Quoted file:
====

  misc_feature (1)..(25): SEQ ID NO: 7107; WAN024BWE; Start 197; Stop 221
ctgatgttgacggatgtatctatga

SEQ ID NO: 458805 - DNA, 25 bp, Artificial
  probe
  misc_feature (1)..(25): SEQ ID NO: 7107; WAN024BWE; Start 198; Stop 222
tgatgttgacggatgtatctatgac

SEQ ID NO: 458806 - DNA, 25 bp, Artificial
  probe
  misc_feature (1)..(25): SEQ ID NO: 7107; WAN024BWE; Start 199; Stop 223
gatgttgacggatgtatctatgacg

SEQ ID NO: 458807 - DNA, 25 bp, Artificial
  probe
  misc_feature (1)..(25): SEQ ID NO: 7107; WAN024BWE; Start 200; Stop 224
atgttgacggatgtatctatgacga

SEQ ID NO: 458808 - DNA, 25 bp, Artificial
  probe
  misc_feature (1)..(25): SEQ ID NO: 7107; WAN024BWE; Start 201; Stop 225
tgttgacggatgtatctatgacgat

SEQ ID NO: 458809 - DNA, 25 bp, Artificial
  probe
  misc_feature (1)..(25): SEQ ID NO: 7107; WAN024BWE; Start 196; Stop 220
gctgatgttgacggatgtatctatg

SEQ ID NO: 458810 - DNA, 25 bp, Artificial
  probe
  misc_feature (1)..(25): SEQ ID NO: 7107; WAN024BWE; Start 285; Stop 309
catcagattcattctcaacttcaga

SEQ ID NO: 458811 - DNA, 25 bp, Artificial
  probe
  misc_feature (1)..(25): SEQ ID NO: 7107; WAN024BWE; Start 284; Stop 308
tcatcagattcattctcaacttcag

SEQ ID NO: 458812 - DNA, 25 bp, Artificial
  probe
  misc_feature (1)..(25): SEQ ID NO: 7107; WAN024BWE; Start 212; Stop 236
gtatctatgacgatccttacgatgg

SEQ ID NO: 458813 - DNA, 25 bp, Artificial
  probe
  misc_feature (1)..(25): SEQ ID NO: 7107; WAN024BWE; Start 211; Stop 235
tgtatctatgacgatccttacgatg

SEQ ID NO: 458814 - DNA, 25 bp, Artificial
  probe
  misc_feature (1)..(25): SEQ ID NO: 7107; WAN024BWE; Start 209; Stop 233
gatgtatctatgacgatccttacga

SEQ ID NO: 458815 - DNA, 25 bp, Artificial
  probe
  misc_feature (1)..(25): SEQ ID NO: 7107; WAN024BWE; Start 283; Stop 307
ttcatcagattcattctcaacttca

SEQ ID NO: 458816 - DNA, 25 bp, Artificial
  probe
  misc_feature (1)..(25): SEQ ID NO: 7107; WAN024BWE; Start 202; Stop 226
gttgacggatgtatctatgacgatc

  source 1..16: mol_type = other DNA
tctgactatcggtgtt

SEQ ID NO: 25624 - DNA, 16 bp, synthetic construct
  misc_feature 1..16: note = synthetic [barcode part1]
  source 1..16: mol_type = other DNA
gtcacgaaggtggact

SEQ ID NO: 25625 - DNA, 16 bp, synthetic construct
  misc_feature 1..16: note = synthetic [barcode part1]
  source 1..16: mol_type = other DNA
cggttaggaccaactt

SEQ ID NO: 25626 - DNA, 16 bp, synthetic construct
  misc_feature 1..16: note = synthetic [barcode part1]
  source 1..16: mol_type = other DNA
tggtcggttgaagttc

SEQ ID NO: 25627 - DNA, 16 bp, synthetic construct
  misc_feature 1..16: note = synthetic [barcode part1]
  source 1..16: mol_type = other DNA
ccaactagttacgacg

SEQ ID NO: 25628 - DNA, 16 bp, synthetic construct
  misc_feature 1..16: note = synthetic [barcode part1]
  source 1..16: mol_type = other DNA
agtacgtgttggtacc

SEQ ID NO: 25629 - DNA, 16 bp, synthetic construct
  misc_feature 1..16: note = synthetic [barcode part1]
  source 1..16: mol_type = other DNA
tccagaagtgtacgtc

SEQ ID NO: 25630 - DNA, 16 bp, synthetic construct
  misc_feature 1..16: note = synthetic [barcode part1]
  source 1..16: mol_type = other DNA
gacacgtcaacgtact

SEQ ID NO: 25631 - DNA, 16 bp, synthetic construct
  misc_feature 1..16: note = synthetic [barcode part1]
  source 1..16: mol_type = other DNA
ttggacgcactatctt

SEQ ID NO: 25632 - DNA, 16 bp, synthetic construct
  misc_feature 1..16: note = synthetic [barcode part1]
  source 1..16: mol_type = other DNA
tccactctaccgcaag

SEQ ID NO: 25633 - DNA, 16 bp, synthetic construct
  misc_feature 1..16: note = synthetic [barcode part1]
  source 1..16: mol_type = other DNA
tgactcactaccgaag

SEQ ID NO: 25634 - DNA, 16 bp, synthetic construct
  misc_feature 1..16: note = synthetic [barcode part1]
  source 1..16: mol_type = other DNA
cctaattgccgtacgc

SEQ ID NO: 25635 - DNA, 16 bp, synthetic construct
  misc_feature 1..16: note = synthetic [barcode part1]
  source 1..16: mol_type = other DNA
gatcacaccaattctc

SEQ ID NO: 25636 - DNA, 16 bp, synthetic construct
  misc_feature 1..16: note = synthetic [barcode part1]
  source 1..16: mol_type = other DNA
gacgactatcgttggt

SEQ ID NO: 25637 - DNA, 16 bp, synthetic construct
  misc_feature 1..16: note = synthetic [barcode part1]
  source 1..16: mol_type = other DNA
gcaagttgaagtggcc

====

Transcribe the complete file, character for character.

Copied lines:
  misc_feature (1)..(25): SEQ ID NO: 7107; WAN024BWE; Start 197; Stop 221
ctgatgttgacggatgtatctatga

SEQ ID NO: 458805 - DNA, 25 bp, Artificial
  probe
  misc_feature (1)..(25): SEQ ID NO: 7107; WAN024BWE; Start 198; Stop 222
tgatgttgacggatgtatctatgac

SEQ ID NO: 458806 - DNA, 25 bp, Artificial
  probe
  misc_feature (1)..(25): SEQ ID NO: 7107; WAN024BWE; Start 199; Stop 223
gatgttgacggatgtatctatgacg

SEQ ID NO: 458807 - DNA, 25 bp, Artificial
  probe
  misc_feature (1)..(25): SEQ ID NO: 7107; WAN024BWE; Start 200; Stop 224
atgttgacggatgtatctatgacga

SEQ ID NO: 458808 - DNA, 25 bp, Artificial
  probe
  misc_feature (1)..(25): SEQ ID NO: 7107; WAN024BWE; Start 201; Stop 225
tgttgacggatgtatctatgacgat

SEQ ID NO: 458809 - DNA, 25 bp, Artificial
  probe
  misc_feature (1)..(25): SEQ ID NO: 7107; WAN024BWE; Start 196; Stop 220
gctgatgttgacggatgtatctatg

SEQ ID NO: 458810 - DNA, 25 bp, Artificial
  probe
  misc_feature (1)..(25): SEQ ID NO: 7107; WAN024BWE; Start 285; Stop 309
catcagattcattctcaacttcaga

SEQ ID NO: 458811 - DNA, 25 bp, Artificial
  probe
  misc_feature (1)..(25): SEQ ID NO: 7107; WAN024BWE; Start 284; Stop 308
tcatcagattcattctcaacttcag

SEQ ID NO: 458812 - DNA, 25 bp, Artificial
  probe
  misc_feature (1)..(25): SEQ ID NO: 7107; WAN024BWE; Start 212; Stop 236
gtatctatgacgatccttacgatgg

SEQ ID NO: 458813 - DNA, 25 bp, Artificial
  probe
  misc_feature (1)..(25): SEQ ID NO: 7107; WAN024BWE; Start 211; Stop 235
tgtatctatgacgatccttacgatg

SEQ ID NO: 458814 - DNA, 25 bp, Artificial
  probe
  misc_feature (1)..(25): SEQ ID NO: 7107; WAN024BWE; Start 209; Stop 233
gatgtatctatgacgatccttacga

SEQ ID NO: 458815 - DNA, 25 bp, Artificial
  probe
  misc_feature (1)..(25): SEQ ID NO: 7107; WAN024BWE; Start 283; Stop 307
ttcatcagattcattctcaacttca

SEQ ID NO: 458816 - DNA, 25 bp, Artificial
  probe
  misc_feature (1)..(25): SEQ ID NO: 7107; WAN024BWE; Start 202; Stop 226
gttgacggatgtatctatgacgatc

  source 1..16: mol_type = other DNA
tctgactatcggtgtt

SEQ ID NO: 25624 - DNA, 16 bp, synthetic construct
  misc_feature 1..16: note = synthetic [barcode part1]
  source 1..16: mol_type = other DNA
gtcacgaaggtggact

SEQ ID NO: 25625 - DNA, 16 bp, synthetic construct
  misc_feature 1..16: note = synthetic [barcode part1]
  source 1..16: mol_type = other DNA
cggttaggaccaactt

SEQ ID NO: 25626 - DNA, 16 bp, synthetic construct
  misc_feature 1..16: note = synthetic [barcode part1]
  source 1..16: mol_type = other DNA
tggtcggttgaagttc

SEQ ID NO: 25627 - DNA, 16 bp, synthetic construct
  misc_feature 1..16: note = synthetic [barcode part1]
  source 1..16: mol_type = other DNA
ccaactagttacgacg

SEQ ID NO: 25628 - DNA, 16 bp, synthetic construct
  misc_feature 1..16: note = synthetic [barcode part1]
  source 1..16: mol_type = other DNA
agtacgtgttggtacc

SEQ ID NO: 25629 - DNA, 16 bp, synthetic construct
  misc_feature 1..16: note = synthetic [barcode part1]
  source 1..16: mol_type = other DNA
tccagaagtgtacgtc

SEQ ID NO: 25630 - DNA, 16 bp, synthetic construct
  misc_feature 1..16: note = synthetic [barcode part1]
  source 1..16: mol_type = other DNA
gacacgtcaacgtact

SEQ ID NO: 25631 - DNA, 16 bp, synthetic construct
  misc_feature 1..16: note = synthetic [barcode part1]
  source 1..16: mol_type = other DNA
ttggacgcactatctt

SEQ ID NO: 25632 - DNA, 16 bp, synthetic construct
  misc_feature 1..16: note = synthetic [barcode part1]
  source 1..16: mol_type = other DNA
tccactctaccgcaag

SEQ ID NO: 25633 - DNA, 16 bp, synthetic construct
  misc_feature 1..16: note = synthetic [barcode part1]
  source 1..16: mol_type = other DNA
tgactcactaccgaag

SEQ ID NO: 25634 - DNA, 16 bp, synthetic construct
  misc_feature 1..16: note = synthetic [barcode part1]
  source 1..16: mol_type = other DNA
cctaattgccgtacgc

SEQ ID NO: 25635 - DNA, 16 bp, synthetic construct
  misc_feature 1..16: note = synthetic [barcode part1]
  source 1..16: mol_type = other DNA
gatcacaccaattctc

SEQ ID NO: 25636 - DNA, 16 bp, synthetic construct
  misc_feature 1..16: note = synthetic [barcode part1]
  source 1..16: mol_type = other DNA
gacgactatcgttggt

SEQ ID NO: 25637 - DNA, 16 bp, synthetic construct
  misc_feature 1..16: note = synthetic [barcode part1]
  source 1..16: mol_type = other DNA
gcaagttgaagtggcc